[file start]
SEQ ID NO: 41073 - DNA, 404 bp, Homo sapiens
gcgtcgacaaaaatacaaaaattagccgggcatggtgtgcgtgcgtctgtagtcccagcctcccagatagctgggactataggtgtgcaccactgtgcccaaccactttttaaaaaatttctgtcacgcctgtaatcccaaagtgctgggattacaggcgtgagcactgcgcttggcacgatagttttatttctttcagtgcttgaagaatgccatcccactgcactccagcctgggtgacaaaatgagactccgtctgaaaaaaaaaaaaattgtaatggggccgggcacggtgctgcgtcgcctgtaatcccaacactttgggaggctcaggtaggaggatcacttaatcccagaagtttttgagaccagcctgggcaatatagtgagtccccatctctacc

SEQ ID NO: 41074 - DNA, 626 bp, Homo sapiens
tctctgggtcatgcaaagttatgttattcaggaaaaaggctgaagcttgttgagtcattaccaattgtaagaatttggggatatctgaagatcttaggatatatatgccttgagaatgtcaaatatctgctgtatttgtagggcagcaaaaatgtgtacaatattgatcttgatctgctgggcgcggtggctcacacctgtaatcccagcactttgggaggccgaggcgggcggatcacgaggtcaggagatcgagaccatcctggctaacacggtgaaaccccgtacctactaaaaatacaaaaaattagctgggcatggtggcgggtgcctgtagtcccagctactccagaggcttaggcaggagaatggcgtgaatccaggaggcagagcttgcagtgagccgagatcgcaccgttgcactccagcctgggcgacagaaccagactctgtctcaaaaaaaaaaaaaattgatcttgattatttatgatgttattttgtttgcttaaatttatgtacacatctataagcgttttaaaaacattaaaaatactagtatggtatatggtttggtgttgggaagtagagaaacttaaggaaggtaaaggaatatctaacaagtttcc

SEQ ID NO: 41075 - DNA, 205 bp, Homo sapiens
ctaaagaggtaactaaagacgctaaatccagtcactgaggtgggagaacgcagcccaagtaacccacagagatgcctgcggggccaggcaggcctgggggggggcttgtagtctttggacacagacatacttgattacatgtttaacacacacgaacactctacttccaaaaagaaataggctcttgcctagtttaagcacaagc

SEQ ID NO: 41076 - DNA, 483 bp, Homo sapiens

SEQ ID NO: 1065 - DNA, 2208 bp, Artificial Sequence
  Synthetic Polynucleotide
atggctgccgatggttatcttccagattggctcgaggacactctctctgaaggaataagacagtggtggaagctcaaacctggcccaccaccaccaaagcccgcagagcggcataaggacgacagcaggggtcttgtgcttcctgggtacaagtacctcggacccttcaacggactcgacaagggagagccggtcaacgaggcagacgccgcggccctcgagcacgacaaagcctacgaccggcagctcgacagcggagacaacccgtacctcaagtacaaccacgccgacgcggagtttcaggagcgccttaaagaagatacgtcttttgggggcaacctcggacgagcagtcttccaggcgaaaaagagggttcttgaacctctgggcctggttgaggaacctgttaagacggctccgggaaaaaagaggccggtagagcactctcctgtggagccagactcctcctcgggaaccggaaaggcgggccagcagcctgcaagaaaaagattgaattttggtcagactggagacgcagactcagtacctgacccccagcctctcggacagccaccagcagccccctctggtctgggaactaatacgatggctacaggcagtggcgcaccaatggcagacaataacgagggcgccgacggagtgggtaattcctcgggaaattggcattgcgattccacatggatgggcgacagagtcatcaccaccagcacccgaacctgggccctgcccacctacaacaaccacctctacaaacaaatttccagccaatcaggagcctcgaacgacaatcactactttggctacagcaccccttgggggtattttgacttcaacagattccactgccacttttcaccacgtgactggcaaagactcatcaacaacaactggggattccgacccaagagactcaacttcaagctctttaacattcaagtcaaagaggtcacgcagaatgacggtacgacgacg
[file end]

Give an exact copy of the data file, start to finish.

SEQ ID NO: 41073 - DNA, 404 bp, Homo sapiens
gcgtcgacaaaaatacaaaaattagccgggcatggtgtgcgtgcgtctgtagtcccagcctcccagatagctgggactataggtgtgcaccactgtgcccaaccactttttaaaaaatttctgtcacgcctgtaatcccaaagtgctgggattacaggcgtgagcactgcgcttggcacgatagttttatttctttcagtgcttgaagaatgccatcccactgcactccagcctgggtgacaaaatgagactccgtctgaaaaaaaaaaaaattgtaatggggccgggcacggtgctgcgtcgcctgtaatcccaacactttgggaggctcaggtaggaggatcacttaatcccagaagtttttgagaccagcctgggcaatatagtgagtccccatctctacc

SEQ ID NO: 41074 - DNA, 626 bp, Homo sapiens
tctctgggtcatgcaaagttatgttattcaggaaaaaggctgaagcttgttgagtcattaccaattgtaagaatttggggatatctgaagatcttaggatatatatgccttgagaatgtcaaatatctgctgtatttgtagggcagcaaaaatgtgtacaatattgatcttgatctgctgggcgcggtggctcacacctgtaatcccagcactttgggaggccgaggcgggcggatcacgaggtcaggagatcgagaccatcctggctaacacggtgaaaccccgtacctactaaaaatacaaaaaattagctgggcatggtggcgggtgcctgtagtcccagctactccagaggcttaggcaggagaatggcgtgaatccaggaggcagagcttgcagtgagccgagatcgcaccgttgcactccagcctgggcgacagaaccagactctgtctcaaaaaaaaaaaaaattgatcttgattatttatgatgttattttgtttgcttaaatttatgtacacatctataagcgttttaaaaacattaaaaatactagtatggtatatggtttggtgttgggaagtagagaaacttaaggaaggtaaaggaatatctaacaagtttcc

SEQ ID NO: 41075 - DNA, 205 bp, Homo sapiens
ctaaagaggtaactaaagacgctaaatccagtcactgaggtgggagaacgcagcccaagtaacccacagagatgcctgcggggccaggcaggcctgggggggggcttgtagtctttggacacagacatacttgattacatgtttaacacacacgaacactctacttccaaaaagaaataggctcttgcctagtttaagcacaagc

SEQ ID NO: 41076 - DNA, 483 bp, Homo sapiens

SEQ ID NO: 1065 - DNA, 2208 bp, Artificial Sequence
  Synthetic Polynucleotide
atggctgccgatggttatcttccagattggctcgaggacactctctctgaaggaataagacagtggtggaagctcaaacctggcccaccaccaccaaagcccgcagagcggcataaggacgacagcaggggtcttgtgcttcctgggtacaagtacctcggacccttcaacggactcgacaagggagagccggtcaacgaggcagacgccgcggccctcgagcacgacaaagcctacgaccggcagctcgacagcggagacaacccgtacctcaagtacaaccacgccgacgcggagtttcaggagcgccttaaagaagatacgtcttttgggggcaacctcggacgagcagtcttccaggcgaaaaagagggttcttgaacctctgggcctggttgaggaacctgttaagacggctccgggaaaaaagaggccggtagagcactctcctgtggagccagactcctcctcgggaaccggaaaggcgggccagcagcctgcaagaaaaagattgaattttggtcagactggagacgcagactcagtacctgacccccagcctctcggacagccaccagcagccccctctggtctgggaactaatacgatggctacaggcagtggcgcaccaatggcagacaataacgagggcgccgacggagtgggtaattcctcgggaaattggcattgcgattccacatggatgggcgacagagtcatcaccaccagcacccgaacctgggccctgcccacctacaacaaccacctctacaaacaaatttccagccaatcaggagcctcgaacgacaatcactactttggctacagcaccccttgggggtattttgacttcaacagattccactgccacttttcaccacgtgactggcaaagactcatcaacaacaactggggattccgacccaagagactcaacttcaagctctttaacattcaagtcaaagaggtcacgcagaatgacggtacgacgacg